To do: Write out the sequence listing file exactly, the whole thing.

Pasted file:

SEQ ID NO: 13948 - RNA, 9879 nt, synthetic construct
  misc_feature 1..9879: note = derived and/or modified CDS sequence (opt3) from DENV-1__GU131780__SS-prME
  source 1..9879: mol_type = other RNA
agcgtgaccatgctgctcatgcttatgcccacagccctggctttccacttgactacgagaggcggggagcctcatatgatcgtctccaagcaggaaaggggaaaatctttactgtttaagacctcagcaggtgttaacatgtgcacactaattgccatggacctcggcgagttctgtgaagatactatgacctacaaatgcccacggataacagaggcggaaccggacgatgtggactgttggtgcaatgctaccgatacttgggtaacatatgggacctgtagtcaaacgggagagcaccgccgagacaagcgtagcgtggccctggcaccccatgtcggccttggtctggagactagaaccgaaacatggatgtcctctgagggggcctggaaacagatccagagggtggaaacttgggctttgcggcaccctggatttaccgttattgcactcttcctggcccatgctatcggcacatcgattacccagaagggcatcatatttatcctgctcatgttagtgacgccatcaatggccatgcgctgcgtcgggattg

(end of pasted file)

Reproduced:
SEQ ID NO: 13948 - RNA, 9879 nt, synthetic construct
  misc_feature 1..9879: note = derived and/or modified CDS sequence (opt3) from DENV-1__GU131780__SS-prME
  source 1..9879: mol_type = other RNA
agcgtgaccatgctgctcatgcttatgcccacagccctggctttccacttgactacgagaggcggggagcctcatatgatcgtctccaagcaggaaaggggaaaatctttactgtttaagacctcagcaggtgttaacatgtgcacactaattgccatggacctcggcgagttctgtgaagatactatgacctacaaatgcccacggataacagaggcggaaccggacgatgtggactgttggtgcaatgctaccgatacttgggtaacatatgggacctgtagtcaaacgggagagcaccgccgagacaagcgtagcgtggccctggcaccccatgtcggccttggtctggagactagaaccgaaacatggatgtcctctgagggggcctggaaacagatccagagggtggaaacttgggctttgcggcaccctggatttaccgttattgcactcttcctggcccatgctatcggcacatcgattacccagaagggcatcatatttatcctgctcatgttagtgacgccatcaatggccatgcgctgcgtcgggattg